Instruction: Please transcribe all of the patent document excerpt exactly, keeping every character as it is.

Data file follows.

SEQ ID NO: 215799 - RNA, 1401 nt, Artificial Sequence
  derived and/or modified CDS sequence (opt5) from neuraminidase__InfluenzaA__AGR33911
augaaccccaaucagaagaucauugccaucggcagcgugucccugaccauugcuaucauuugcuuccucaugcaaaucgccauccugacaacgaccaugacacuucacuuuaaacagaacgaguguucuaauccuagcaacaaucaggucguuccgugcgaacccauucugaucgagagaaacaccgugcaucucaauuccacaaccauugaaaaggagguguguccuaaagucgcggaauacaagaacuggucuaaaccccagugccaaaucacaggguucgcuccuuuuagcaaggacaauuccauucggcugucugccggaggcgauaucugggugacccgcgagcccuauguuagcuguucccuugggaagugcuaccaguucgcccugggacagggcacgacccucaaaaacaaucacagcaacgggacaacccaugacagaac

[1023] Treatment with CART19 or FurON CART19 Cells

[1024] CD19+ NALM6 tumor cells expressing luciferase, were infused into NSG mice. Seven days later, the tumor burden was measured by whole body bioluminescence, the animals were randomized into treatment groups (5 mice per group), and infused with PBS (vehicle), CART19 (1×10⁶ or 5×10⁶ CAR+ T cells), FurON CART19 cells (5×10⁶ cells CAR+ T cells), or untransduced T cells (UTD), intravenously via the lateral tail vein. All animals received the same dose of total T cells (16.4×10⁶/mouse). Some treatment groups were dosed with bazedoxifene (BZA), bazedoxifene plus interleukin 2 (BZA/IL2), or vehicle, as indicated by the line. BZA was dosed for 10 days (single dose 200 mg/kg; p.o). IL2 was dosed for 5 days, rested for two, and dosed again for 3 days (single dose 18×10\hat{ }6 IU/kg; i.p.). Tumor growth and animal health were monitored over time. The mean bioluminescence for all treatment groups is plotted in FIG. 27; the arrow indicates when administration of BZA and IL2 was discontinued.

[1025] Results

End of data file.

SEQ ID NO: 215799 - RNA, 1401 nt, Artificial Sequence
  derived and/or modified CDS sequence (opt5) from neuraminidase__InfluenzaA__AGR33911
augaaccccaaucagaagaucauugccaucggcagcgugucccugaccauugcuaucauuugcuuccucaugcaaaucgccauccugacaacgaccaugacacuucacuuuaaacagaacgaguguucuaauccuagcaacaaucaggucguuccgugcgaacccauucugaucgagagaaacaccgugcaucucaauuccacaaccauugaaaaggagguguguccuaaagucgcggaauacaagaacuggucuaaaccccagugccaaaucacaggguucgcuccuuuuagcaaggacaauuccauucggcugucugccggaggcgauaucugggugacccgcgagcccuauguuagcuguucccuugggaagugcuaccaguucgcccugggacagggcacgacccucaaaaacaaucacagcaacgggacaacccaugacagaac

[1023] Treatment with CART19 or FurON CART19 Cells

[1024] CD19+ NALM6 tumor cells expressing luciferase, were infused into NSG mice. Seven days later, the tumor burden was measured by whole body bioluminescence, the animals were randomized into treatment groups (5 mice per group), and infused with PBS (vehicle), CART19 (1×10⁶ or 5×10⁶ CAR+ T cells), FurON CART19 cells (5×10⁶ cells CAR+ T cells), or untransduced T cells (UTD), intravenously via the lateral tail vein. All animals received the same dose of total T cells (16.4×10⁶/mouse). Some treatment groups were dosed with bazedoxifene (BZA), bazedoxifene plus interleukin 2 (BZA/IL2), or vehicle, as indicated by the line. BZA was dosed for 10 days (single dose 200 mg/kg; p.o). IL2 was dosed for 5 days, rested for two, and dosed again for 3 days (single dose 18×10\hat{ }6 IU/kg; i.p.). Tumor growth and animal health were monitored over time. The mean bioluminescence for all treatment groups is plotted in FIG. 27; the arrow indicates when administration of BZA and IL2 was discontinued.

[1025] Results